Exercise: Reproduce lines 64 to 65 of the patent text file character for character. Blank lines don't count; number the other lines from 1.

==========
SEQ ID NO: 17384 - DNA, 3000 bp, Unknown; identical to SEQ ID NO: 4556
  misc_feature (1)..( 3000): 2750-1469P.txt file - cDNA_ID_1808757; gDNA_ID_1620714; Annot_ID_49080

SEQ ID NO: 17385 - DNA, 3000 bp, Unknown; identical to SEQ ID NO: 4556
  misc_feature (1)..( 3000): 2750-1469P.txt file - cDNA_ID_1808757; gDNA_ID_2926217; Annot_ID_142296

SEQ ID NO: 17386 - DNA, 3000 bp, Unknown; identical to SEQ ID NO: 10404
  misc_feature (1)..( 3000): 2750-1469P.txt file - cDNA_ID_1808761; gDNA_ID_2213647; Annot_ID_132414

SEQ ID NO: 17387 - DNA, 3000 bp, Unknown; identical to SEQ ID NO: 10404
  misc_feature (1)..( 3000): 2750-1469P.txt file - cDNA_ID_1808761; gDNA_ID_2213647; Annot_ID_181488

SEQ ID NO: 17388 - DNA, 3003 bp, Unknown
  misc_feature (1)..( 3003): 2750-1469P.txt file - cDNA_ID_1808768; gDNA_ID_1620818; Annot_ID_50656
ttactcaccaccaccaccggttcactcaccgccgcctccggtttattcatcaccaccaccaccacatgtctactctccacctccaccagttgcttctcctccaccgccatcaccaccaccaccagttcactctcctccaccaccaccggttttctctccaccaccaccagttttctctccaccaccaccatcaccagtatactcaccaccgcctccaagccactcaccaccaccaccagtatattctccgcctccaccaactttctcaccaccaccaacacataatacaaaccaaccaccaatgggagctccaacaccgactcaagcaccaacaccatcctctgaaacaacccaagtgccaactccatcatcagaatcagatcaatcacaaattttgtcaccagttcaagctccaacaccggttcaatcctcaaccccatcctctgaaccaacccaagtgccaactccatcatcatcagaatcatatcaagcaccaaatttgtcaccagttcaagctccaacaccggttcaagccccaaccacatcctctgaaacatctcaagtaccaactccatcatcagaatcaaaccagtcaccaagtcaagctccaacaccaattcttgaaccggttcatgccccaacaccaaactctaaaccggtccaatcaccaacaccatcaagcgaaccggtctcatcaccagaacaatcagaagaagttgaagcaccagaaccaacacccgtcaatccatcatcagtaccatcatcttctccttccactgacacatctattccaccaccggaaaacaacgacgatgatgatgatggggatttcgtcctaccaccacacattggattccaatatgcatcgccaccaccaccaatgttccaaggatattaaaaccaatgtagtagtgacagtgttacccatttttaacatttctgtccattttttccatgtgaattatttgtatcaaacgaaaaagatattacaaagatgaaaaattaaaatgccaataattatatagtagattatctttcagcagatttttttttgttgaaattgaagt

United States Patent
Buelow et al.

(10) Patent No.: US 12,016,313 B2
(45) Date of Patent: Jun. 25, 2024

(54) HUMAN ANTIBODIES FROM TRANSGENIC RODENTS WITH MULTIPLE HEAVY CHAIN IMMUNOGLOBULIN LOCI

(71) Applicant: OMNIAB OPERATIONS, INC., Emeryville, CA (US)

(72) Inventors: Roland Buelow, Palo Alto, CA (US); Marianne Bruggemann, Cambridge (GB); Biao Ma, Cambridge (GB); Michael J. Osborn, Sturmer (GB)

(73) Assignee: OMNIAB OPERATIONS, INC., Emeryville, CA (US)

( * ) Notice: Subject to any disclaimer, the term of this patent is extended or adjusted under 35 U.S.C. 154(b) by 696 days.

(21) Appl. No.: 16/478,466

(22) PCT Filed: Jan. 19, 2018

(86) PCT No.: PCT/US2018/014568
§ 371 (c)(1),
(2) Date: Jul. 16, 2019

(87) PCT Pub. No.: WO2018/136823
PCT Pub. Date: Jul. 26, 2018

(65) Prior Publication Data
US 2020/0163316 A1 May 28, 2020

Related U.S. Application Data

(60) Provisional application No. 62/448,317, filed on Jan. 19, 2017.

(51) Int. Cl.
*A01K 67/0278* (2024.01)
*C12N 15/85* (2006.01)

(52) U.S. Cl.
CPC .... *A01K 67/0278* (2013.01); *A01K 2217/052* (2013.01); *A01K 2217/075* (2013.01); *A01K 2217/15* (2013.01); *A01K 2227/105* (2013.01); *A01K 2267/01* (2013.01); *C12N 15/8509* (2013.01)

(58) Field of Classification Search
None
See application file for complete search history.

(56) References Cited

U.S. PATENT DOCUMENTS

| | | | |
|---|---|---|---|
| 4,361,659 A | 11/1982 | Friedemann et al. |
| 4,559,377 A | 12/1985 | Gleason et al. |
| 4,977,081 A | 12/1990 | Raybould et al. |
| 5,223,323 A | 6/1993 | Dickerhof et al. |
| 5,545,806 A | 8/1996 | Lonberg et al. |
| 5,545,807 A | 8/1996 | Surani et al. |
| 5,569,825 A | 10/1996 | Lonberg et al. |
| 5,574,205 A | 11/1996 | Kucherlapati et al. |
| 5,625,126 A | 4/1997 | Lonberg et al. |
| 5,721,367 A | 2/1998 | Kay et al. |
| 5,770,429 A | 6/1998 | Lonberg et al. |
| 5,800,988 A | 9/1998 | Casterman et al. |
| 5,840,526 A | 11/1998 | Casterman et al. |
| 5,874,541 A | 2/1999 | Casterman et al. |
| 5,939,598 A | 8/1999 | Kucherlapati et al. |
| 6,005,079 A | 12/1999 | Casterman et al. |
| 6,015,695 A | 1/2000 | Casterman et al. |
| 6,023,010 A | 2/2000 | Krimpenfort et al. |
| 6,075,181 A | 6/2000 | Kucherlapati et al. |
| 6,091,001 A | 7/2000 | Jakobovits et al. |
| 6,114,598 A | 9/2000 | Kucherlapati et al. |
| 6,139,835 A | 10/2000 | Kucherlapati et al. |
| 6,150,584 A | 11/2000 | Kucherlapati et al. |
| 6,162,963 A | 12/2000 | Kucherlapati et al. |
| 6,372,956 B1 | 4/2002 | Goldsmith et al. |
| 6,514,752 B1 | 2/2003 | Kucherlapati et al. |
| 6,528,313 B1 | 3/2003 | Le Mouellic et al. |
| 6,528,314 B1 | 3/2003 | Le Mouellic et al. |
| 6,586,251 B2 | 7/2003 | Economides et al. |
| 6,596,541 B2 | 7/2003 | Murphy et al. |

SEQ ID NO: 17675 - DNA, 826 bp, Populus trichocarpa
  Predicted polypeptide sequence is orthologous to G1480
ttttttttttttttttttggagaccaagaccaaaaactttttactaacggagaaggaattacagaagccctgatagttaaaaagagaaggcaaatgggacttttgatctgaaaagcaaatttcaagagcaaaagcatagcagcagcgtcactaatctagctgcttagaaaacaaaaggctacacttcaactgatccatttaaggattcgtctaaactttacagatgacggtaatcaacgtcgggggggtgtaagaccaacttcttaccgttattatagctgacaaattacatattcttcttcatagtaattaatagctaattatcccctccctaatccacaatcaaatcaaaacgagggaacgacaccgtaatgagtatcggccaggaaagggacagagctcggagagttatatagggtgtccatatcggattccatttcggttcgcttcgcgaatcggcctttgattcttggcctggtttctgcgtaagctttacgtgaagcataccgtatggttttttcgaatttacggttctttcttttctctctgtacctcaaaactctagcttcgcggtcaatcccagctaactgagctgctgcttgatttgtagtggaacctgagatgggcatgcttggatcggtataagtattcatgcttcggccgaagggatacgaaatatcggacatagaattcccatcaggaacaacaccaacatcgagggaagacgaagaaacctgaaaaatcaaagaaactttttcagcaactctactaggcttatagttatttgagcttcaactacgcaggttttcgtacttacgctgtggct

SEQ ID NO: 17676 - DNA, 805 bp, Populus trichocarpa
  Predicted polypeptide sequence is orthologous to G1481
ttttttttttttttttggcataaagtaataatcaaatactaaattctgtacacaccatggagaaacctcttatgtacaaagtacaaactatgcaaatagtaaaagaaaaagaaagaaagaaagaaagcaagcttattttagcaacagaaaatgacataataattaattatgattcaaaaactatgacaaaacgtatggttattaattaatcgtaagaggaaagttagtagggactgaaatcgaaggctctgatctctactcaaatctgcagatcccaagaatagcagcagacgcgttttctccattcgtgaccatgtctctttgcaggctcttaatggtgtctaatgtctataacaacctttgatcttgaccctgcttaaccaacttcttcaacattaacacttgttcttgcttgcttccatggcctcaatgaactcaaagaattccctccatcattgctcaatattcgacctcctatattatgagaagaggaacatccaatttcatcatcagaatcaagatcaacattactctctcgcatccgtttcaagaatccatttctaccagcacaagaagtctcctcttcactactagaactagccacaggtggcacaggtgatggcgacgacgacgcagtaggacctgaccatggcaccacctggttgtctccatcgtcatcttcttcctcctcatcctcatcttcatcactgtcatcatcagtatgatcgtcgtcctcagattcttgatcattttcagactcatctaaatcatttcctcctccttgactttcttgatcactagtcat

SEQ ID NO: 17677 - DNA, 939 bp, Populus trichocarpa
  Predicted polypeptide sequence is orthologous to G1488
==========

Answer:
| 6,114,598 A | 9/2000 | Kucherlapati et al. |
| 6,139,835 A | 10/2000 | Kucherlapati et al. |